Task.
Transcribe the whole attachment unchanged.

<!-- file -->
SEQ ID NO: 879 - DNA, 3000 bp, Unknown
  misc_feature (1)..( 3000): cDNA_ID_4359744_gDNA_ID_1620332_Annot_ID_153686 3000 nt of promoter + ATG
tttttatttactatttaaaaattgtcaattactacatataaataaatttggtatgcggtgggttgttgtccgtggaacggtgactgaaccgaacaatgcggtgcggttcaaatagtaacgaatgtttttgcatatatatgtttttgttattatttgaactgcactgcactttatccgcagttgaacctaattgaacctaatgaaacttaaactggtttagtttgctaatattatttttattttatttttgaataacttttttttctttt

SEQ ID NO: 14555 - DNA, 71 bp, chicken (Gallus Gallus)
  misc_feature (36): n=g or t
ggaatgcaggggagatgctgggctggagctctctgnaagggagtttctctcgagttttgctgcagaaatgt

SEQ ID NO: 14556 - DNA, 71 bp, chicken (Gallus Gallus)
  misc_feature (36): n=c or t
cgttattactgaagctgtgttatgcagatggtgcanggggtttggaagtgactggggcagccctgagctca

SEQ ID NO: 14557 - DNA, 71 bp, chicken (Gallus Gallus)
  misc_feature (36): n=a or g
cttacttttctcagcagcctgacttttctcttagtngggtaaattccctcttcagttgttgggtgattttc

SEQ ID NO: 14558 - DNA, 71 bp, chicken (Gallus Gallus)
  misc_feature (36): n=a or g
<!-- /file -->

SEQ ID NO: 879 - DNA, 3000 bp, Unknown
  misc_feature (1)..( 3000): cDNA_ID_4359744_gDNA_ID_1620332_Annot_ID_153686 3000 nt of promoter + ATG
tttttatttactatttaaaaattgtcaattactacatataaataaatttggtatgcggtgggttgttgtccgtggaacggtgactgaaccgaacaatgcggtgcggttcaaatagtaacgaatgtttttgcatatatatgtttttgttattatttgaactgcactgcactttatccgcagttgaacctaattgaacctaatgaaacttaaactggtttagtttgctaatattatttttattttatttttgaataacttttttttctttt

SEQ ID NO: 14555 - DNA, 71 bp, chicken (Gallus Gallus)
  misc_feature (36): n=g or t
ggaatgcaggggagatgctgggctggagctctctgnaagggagtttctctcgagttttgctgcagaaatgt

SEQ ID NO: 14556 - DNA, 71 bp, chicken (Gallus Gallus)
  misc_feature (36): n=c or t
cgttattactgaagctgtgttatgcagatggtgcanggggtttggaagtgactggggcagccctgagctca

SEQ ID NO: 14557 - DNA, 71 bp, chicken (Gallus Gallus)
  misc_feature (36): n=a or g
cttacttttctcagcagcctgacttttctcttagtngggtaaattccctcttcagttgttgggtgattttc

SEQ ID NO: 14558 - DNA, 71 bp, chicken (Gallus Gallus)
  misc_feature (36): n=a or g